After a steaming three days in Bangkok, I made a necessary and relaxing escape to Hanoi. I had lost my bank card in Bangkok, so I was pretty stressed almost the entire time there until I got some emergency funds. Now that I have cash again, I’m fully able to relax and take in my surroundings once again.
This time I’m in Hanoi, Vietnam. Something about Vietnam has always intrigued me, more than almost anywhere else in Asia. Maybe I just liked the name? Or maybe it was because I worked at a slightly inadequate pseudo-Vietnamese restaurant for 18 months? Either way, I planned to stay in Vietnam the longest in hopes that I would love it as much as I hoped. And 48 hours later, I already do! Here are my first impressions of Hanoi.
The above/featured photo, of the bridge, had to actually have its saturation toned down because it was too vibrant, and it’s vibrance represents Hanoi so well. There’s a completely different energy here in Hanoi that I didn’t feel in Bangkok, and I don’t get in Edinburgh too much. It’s super vibrant, energetic, and it has a captivating energy that claims you the moment you lay eyes on it. I’m staying in the popular Old Quarter, which is filled with amazing coffee shops, countless art galleries, and street food galore. It’s a very young city; almost everyone I’ve seen here looks under 25.
The food here is….incredible. I’ve never had real pho (Vietnamese soup) before, and real stuff does not disappoint. Like Thailand, everything is made right in front of you, literally, as they pour your food straight from the pan to your plate. Everything I’ve had here so far has been so flavourful, rich, and indulgent. However, the portions are small, but that means you get to try more dishes!
Somehow Hanoi is even cheaper than Bangkok! While an average meal in Bangkok cost me about $2.50, a meal here cost me $1-1.50. I made friends with a Brit and our lunches and beers combined were just $4 in total. How I’m going to go back to Scotland and pay 3-4x the price for the same amount of food is something I don’t want to think about. But, you can live here on $700/month and live like royalty.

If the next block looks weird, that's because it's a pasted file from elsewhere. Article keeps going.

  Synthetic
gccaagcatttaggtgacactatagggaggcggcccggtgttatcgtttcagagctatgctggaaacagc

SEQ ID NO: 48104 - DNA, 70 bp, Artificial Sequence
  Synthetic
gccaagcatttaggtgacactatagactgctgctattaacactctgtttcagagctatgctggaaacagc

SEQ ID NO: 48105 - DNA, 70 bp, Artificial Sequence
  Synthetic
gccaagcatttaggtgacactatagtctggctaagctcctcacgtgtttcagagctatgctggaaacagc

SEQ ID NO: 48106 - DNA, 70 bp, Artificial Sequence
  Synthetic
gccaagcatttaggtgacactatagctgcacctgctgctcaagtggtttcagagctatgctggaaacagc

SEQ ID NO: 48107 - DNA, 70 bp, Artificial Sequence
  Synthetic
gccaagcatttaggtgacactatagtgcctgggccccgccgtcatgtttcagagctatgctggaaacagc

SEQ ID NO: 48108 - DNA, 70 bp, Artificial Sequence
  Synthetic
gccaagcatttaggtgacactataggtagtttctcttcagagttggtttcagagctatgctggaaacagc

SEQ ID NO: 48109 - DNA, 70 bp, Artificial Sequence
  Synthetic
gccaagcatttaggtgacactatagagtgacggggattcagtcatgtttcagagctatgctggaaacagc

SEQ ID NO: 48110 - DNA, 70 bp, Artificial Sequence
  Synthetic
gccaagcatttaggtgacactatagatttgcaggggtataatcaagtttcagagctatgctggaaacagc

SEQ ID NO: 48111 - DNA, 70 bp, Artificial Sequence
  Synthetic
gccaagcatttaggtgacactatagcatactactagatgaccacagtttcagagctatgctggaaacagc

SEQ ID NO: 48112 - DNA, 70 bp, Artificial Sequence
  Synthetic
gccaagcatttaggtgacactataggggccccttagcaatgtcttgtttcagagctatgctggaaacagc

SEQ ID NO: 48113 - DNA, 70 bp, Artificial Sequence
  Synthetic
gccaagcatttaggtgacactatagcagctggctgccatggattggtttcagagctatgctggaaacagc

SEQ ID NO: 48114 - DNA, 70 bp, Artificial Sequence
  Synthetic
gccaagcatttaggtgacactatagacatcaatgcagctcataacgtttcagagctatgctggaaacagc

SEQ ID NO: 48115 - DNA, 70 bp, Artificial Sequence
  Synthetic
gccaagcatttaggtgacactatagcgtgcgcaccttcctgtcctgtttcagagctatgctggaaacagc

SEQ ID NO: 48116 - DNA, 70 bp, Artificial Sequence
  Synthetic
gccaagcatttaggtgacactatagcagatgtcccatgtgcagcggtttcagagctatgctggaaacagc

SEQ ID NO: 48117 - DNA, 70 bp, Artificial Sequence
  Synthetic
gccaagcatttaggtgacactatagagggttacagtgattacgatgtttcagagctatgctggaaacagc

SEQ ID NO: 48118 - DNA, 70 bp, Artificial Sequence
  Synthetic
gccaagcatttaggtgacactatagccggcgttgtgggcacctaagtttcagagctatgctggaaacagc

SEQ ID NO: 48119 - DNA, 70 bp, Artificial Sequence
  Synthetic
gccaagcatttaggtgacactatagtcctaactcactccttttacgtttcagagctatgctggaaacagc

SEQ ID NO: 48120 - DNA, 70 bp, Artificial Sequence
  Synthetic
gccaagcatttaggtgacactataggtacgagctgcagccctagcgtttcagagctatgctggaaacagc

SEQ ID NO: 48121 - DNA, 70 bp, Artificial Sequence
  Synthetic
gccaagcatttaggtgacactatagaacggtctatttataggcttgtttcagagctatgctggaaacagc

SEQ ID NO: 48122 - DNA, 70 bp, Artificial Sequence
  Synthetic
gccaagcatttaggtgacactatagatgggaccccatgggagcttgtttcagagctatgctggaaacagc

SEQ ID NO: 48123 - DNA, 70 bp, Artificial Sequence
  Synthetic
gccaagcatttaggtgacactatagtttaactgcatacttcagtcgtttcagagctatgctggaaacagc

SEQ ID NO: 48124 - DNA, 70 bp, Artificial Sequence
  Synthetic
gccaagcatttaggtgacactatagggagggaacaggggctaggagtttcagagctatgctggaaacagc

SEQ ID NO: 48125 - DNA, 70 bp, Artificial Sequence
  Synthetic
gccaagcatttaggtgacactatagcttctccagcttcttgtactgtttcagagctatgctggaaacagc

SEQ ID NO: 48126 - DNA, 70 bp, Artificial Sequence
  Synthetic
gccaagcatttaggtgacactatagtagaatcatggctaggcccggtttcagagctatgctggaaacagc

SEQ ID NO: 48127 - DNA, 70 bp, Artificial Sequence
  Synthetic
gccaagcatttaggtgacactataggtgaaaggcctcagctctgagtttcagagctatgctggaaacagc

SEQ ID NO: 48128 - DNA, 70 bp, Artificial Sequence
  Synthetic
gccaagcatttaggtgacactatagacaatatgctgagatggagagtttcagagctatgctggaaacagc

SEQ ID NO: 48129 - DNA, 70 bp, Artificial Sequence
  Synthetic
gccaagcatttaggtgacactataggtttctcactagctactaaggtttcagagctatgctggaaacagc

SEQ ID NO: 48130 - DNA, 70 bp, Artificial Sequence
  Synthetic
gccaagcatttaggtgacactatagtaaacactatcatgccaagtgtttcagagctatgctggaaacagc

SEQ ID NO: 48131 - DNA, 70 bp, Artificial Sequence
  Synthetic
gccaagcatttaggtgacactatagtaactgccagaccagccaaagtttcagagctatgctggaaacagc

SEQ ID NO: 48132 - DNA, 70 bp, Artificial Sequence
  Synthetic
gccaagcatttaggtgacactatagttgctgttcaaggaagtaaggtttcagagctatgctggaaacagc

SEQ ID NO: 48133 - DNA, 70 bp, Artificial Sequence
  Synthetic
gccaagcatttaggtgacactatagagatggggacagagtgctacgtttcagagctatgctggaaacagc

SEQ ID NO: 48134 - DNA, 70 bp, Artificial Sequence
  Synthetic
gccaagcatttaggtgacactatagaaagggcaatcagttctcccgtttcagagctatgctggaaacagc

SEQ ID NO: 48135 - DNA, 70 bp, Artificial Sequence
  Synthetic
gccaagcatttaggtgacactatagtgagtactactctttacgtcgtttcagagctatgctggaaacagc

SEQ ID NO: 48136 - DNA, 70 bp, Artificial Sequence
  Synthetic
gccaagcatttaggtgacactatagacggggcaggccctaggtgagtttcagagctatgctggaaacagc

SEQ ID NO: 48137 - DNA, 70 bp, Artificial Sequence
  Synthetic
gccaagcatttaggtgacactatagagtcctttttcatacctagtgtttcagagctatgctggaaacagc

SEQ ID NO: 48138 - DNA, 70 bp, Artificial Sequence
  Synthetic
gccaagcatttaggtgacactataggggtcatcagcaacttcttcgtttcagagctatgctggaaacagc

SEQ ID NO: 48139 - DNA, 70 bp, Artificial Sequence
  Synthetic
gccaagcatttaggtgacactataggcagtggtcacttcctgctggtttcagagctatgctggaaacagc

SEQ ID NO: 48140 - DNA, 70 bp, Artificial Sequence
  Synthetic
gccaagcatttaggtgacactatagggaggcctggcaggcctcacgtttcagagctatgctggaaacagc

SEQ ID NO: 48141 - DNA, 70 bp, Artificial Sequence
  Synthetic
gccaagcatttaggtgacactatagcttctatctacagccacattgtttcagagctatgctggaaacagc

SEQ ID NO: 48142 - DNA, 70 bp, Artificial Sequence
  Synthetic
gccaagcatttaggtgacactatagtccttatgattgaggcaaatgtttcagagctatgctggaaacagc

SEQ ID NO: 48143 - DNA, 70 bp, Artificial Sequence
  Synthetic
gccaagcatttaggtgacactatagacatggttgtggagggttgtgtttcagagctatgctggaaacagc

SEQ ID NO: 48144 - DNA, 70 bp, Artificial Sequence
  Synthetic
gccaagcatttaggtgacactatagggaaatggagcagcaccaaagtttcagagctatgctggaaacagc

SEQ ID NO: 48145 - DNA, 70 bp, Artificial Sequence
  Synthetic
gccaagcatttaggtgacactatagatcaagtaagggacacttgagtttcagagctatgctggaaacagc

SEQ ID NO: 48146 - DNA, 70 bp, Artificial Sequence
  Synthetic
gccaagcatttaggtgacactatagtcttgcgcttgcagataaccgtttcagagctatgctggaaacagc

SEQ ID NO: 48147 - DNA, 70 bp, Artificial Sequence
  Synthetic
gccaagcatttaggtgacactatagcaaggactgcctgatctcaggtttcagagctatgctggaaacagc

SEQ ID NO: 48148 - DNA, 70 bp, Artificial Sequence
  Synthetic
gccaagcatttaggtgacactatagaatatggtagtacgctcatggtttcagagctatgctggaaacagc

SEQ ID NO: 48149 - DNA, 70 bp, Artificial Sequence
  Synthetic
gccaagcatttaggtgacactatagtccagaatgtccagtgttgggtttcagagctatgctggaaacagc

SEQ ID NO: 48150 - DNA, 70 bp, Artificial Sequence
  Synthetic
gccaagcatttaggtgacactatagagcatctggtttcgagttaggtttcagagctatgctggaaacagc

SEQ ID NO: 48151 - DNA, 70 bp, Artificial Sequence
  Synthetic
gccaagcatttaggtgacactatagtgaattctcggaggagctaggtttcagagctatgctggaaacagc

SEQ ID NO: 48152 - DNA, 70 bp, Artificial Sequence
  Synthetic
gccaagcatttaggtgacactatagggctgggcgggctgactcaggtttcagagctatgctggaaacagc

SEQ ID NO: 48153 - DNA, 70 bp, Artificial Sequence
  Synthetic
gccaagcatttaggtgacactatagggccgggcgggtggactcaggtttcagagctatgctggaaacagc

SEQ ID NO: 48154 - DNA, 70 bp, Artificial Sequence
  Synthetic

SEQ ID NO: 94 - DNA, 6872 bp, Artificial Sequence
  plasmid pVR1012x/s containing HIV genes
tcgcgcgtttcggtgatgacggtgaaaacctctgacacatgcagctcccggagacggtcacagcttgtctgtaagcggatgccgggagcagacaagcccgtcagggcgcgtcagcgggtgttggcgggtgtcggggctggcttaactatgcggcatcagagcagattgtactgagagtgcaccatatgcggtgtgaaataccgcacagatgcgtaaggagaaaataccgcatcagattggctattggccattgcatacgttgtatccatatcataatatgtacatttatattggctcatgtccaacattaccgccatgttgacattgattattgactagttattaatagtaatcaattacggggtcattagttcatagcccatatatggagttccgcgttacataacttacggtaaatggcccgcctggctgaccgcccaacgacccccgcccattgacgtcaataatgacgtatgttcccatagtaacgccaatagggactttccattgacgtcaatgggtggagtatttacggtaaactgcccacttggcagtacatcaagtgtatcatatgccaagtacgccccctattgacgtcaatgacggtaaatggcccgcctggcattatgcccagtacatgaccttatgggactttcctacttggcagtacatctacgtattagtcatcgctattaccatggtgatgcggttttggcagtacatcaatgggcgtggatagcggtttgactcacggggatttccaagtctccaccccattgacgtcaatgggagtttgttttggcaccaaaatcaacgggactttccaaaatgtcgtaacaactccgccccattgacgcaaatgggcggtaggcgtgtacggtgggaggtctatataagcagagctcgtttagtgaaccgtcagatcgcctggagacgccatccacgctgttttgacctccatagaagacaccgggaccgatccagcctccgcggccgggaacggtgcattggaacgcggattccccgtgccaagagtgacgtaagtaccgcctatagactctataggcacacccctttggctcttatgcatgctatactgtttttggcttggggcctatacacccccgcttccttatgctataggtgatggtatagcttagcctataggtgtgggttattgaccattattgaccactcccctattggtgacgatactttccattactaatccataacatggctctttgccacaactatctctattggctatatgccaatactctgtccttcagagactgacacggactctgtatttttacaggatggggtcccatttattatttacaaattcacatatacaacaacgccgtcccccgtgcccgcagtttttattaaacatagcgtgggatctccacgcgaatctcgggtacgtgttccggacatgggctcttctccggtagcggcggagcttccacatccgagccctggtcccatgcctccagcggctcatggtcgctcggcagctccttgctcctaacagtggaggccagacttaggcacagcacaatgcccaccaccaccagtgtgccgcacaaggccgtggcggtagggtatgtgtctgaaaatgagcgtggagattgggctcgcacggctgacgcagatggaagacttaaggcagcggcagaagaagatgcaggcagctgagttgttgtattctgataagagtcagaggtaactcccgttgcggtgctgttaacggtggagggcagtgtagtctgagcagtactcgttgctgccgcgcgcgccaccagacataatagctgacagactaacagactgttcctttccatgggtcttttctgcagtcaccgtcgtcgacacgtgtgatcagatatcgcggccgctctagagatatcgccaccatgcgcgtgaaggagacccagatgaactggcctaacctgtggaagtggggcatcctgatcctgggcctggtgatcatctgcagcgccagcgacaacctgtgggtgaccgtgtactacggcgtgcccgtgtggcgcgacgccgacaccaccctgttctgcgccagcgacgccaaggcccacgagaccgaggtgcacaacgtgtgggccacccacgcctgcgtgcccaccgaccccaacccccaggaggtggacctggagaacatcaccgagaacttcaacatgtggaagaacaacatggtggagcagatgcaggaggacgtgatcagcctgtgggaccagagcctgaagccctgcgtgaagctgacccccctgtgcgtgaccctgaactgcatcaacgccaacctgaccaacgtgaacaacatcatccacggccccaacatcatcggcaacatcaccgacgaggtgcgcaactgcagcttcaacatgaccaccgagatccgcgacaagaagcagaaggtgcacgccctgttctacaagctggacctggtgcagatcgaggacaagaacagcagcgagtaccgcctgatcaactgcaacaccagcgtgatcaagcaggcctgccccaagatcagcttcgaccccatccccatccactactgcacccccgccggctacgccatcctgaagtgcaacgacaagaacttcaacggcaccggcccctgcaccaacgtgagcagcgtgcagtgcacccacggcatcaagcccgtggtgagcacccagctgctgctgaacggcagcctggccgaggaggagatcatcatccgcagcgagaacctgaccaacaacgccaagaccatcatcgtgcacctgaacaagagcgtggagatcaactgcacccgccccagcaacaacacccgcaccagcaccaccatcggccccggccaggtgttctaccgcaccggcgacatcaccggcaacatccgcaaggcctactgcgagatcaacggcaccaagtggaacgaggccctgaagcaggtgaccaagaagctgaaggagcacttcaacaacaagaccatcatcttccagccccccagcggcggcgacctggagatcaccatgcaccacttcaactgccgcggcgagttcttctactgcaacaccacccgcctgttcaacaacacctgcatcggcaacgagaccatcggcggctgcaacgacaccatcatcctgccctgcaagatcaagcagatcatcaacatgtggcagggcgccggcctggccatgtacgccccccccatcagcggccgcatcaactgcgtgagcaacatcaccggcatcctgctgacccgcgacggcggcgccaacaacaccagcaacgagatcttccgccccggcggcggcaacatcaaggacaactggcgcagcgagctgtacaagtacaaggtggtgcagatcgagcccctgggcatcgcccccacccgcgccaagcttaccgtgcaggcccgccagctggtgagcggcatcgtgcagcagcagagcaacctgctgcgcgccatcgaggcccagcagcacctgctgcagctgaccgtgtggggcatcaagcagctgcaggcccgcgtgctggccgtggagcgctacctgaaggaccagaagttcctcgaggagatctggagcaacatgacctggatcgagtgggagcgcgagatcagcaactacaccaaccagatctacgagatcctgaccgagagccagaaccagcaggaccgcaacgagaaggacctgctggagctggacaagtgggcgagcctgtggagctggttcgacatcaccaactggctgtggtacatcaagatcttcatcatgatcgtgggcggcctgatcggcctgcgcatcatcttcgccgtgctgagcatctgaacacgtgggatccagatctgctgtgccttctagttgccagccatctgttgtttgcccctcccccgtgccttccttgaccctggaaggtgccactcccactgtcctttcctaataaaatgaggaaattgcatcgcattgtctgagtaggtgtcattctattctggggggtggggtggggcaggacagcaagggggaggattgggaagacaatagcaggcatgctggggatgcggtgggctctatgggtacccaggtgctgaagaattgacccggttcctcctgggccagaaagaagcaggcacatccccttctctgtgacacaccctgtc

Thriving Coffee Culture
Vietnam has a MASSIVE coffee culture. On any given street, you’ll see at least ten independent coffee shops serving many different types of coffee but most importantly, the traditional Vietnamese coffee, which is a special drip coffee with condensed milk. I had one yesterday that was drip coffee, coconut milk, and coconut cream over ice, and it was one of the best things I’ve ever tasted, no joke. And it was $1.10. Like in Italy, you’ll always see people drinking coffee on the streets watching the scooters drive by.
I’m here the end of Lunar New Year, which means Hanoi is at its emptiest, since it’s residents often go back to their families in the countryside to celebrate this weeklong holiday. Even at its emptiest, Hanoi is just chaotic, with motorbikes nearly flattening you in every direction and cars creating a symphony of honks. The second day was the end of the New Year, and there was literally human traffic; it was so crowded with people and bikes and cars that it took me way longer than it should have to go where I needed to go.
Vietnam as a whole is GORGEOUS. A very popular day-trip from Hanoi, I went to Ha Long Bay yesterday, which is one of the 7 natural wonders of the world, and it’s easy to see why. Gargantuan limestone isles dot the bay, visible from any angle. And kayaking through them is one of those things that if you’re in Vietnam, you absolutely must do. Ha Long’s not only limestone isles though, it’s also filled with obscenely beautiful caves, and it’s been a bit overwhelming in terms of the beauty.
Hanoi is dynamic and diverse, from its architecture to its history and culture. From typical skyscrapers to beautiful French colonialist architecture to shacks, and everything in between Hanoi’s a feast for the eyes. This, combined with French rule, a few turbulent wars, and a large expat community makes Hanoi the home of the resilient Vietnamese, but with a thriving international culture.
I must say, the moment I stepped into Hanoi, I liked it better than Bangkok. Bangkok was great, but Hanoi’s one of those few places that just stole my heart immediately. I haven’t found one flaw about this place, and it’s easy to see why there’s a large expat community; it’s vibrant, young, and trendy, without the costs or impersonal atmosphere of larger metropolises.
As a whole, Vietnam is one of my favourite countries I’ve visited, and I’m so excited to spend the next few days here. At the same time, I’m sad I have to leave so soon and I’m already scheming a three-week trip planning my next trip back.